Lifestyle & Belief

40,000 ultra-Orthodox Jewish men plan to rally against the internet tomorrow at Citi Field


Members of the Satmar Hassidic Jewish community wait outside the Satmar Synagogue on Rodney street in Brooklyn, New York City. Haredim, or ultra-Orthodox Jews, plan to hold a rally against the Internet on May 20.


Michael Brown

An anti-internet rally for ultra-Orthodox Jewish men scheduled tomorrow has sold out, with all 40,000 seats at the Citi Field stadium to be filled with religious protesters. But it's still a little unclear what the point of the whole rally really is.  

Eytan Kobre, a lawyer who is the spokesman for the event’s organizers, told the Associated Press Friday that organizers aren't trying to ban the internet. Rather, they're just worried that people are getting too distracted by it. Kobre pointed out to the AP that pornography, online gambling and social media undermines “our ability to pray uninterruptedly, to focus and to concentrate.”

More from GlobalPost: Promises, pitfalls await investors in Burma’s frontier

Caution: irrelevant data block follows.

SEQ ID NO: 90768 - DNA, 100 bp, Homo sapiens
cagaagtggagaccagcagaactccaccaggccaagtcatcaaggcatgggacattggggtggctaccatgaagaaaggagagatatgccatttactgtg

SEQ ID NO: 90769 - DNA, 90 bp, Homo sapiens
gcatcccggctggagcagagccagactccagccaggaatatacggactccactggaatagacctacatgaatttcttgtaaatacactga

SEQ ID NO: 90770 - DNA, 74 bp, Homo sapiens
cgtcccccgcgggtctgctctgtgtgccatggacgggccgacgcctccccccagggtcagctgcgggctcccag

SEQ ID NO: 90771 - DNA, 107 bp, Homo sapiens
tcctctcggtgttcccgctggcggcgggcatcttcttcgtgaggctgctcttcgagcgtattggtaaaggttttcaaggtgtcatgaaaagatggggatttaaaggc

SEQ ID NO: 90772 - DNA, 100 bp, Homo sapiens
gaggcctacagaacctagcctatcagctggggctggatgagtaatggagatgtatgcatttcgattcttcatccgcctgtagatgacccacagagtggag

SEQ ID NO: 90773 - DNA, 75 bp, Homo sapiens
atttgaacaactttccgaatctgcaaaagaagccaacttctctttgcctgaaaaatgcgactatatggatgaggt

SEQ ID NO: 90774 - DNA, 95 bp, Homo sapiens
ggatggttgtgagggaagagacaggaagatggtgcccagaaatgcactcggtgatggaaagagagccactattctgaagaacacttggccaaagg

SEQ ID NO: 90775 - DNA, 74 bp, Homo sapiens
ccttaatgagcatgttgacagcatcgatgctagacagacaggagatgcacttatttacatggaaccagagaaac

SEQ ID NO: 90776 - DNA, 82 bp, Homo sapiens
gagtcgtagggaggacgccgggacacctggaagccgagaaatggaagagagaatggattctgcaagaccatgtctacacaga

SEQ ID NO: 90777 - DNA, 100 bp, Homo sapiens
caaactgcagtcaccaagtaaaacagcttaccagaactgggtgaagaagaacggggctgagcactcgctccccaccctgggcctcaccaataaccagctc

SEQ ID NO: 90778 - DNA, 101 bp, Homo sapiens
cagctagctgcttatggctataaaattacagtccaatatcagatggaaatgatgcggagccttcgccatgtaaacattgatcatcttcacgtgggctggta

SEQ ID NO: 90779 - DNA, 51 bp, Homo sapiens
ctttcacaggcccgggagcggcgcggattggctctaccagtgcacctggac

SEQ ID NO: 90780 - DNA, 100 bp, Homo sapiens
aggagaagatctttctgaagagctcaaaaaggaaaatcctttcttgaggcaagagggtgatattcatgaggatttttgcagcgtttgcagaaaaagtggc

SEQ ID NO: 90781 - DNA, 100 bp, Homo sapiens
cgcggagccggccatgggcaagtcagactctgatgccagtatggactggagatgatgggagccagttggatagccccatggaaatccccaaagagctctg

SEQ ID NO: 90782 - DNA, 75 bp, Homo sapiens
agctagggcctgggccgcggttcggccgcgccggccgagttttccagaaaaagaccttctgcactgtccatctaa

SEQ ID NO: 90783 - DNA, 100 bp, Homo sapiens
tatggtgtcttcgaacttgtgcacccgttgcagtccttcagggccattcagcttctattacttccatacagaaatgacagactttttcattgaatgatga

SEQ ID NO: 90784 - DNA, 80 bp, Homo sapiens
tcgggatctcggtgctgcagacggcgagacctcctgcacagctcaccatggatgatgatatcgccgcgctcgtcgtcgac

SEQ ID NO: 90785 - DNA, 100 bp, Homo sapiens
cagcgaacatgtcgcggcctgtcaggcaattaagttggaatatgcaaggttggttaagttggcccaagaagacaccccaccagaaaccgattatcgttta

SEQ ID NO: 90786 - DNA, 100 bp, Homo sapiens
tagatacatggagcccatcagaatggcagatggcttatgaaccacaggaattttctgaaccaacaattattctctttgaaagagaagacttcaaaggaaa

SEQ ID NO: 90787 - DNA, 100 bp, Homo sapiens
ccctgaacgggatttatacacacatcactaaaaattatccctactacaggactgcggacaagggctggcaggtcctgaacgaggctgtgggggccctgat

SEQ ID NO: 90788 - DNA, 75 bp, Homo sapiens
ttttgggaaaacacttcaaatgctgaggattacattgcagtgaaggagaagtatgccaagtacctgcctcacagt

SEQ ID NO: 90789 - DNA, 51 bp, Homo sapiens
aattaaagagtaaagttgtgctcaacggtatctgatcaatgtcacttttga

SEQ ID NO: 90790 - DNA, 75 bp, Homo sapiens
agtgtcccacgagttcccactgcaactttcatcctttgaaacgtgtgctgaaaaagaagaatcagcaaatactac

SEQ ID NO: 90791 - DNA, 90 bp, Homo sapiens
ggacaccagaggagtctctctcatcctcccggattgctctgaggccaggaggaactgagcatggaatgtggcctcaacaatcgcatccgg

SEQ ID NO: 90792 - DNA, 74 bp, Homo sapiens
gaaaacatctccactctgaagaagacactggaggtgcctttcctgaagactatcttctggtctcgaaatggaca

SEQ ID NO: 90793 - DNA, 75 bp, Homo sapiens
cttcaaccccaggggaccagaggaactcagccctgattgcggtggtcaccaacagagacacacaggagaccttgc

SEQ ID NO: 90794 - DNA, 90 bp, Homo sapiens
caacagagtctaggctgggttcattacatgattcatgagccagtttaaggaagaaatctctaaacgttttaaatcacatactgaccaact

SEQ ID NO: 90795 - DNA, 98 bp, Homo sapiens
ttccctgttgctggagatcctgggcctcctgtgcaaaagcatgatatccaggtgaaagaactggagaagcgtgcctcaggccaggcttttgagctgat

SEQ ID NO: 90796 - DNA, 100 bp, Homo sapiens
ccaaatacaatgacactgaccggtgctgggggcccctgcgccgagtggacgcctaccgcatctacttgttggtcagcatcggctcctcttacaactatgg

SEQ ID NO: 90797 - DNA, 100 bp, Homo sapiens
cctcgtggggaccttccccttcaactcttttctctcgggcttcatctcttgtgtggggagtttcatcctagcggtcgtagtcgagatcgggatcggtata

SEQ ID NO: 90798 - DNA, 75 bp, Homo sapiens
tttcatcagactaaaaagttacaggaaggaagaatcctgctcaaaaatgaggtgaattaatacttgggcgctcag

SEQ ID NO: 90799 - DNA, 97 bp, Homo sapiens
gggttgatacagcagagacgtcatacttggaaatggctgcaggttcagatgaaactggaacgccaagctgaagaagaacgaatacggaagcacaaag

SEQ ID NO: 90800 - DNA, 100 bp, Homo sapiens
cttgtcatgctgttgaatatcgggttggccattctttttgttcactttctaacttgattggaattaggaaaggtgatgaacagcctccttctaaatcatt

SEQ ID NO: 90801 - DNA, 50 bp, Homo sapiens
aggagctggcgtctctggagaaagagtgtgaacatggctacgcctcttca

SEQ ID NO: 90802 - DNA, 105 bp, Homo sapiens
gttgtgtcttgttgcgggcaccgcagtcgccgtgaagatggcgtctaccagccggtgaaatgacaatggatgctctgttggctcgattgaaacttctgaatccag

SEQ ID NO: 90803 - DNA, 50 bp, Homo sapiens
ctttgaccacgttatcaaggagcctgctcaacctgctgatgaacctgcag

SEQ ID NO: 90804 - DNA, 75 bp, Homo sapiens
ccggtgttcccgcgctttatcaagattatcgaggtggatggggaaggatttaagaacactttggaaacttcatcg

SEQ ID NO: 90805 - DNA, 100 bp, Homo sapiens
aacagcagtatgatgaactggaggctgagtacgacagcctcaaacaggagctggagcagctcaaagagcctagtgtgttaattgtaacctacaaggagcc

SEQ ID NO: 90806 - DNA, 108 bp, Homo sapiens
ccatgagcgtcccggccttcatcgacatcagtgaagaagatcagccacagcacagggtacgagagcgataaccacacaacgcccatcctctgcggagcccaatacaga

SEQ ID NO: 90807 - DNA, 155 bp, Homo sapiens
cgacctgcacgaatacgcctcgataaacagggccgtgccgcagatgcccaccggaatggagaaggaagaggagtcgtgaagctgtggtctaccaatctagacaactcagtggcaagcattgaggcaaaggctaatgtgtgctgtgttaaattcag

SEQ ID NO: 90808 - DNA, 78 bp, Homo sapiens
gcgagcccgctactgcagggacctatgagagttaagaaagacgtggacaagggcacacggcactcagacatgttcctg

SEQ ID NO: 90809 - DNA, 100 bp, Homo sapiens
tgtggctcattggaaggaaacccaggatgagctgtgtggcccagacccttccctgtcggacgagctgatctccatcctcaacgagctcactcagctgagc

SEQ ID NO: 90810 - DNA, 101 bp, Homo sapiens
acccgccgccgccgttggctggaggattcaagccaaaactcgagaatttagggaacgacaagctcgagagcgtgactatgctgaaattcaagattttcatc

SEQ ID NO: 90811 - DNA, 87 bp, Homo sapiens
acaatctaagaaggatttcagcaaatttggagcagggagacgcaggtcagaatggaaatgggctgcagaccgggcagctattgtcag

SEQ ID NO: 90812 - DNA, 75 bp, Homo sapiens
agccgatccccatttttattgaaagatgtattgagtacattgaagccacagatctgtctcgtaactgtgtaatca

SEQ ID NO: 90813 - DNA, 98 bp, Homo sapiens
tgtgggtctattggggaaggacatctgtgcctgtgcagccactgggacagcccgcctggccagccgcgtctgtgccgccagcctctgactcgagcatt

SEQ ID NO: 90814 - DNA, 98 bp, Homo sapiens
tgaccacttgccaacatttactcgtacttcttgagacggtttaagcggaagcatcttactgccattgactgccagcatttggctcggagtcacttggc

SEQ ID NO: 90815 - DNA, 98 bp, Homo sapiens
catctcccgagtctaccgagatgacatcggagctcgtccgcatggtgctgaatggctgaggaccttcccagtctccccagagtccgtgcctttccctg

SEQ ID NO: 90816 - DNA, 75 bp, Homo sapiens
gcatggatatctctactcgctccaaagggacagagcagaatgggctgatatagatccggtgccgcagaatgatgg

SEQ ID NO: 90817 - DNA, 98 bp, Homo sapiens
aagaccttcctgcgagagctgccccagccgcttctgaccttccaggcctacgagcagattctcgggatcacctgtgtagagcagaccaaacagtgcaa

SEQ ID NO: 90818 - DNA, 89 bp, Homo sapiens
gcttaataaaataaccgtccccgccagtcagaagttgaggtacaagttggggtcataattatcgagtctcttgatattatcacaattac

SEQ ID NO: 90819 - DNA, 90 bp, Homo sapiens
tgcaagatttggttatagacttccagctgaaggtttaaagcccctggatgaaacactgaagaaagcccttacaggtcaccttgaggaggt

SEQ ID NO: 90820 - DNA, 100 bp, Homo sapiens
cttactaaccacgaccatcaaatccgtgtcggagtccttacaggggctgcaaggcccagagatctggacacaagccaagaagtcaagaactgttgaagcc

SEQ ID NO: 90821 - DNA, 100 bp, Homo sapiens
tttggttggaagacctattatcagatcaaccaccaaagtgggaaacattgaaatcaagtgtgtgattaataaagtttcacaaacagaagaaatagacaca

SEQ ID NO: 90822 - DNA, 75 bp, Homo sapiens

The rally will be more focused on telling Jews what websites are kosher, according to Kobre. “It’s going to be inspiration and education about using technology responsibly in accordance with Jewish values,” he told the AP.

However, the rally seems to be sending some mixed messages. For starters, the rally has a promotional Twitter account, the Jewish Daily Forward reported. In addition, speeches at the event will be live streamed. And one of the event's organizers owns a Web marketing company, according to the Forward. 

In fact, event organizers have been fighting with each other about what the event's actual mission should be, Tablet Magazine reported

The planned rally has previously been criticized for excluding women.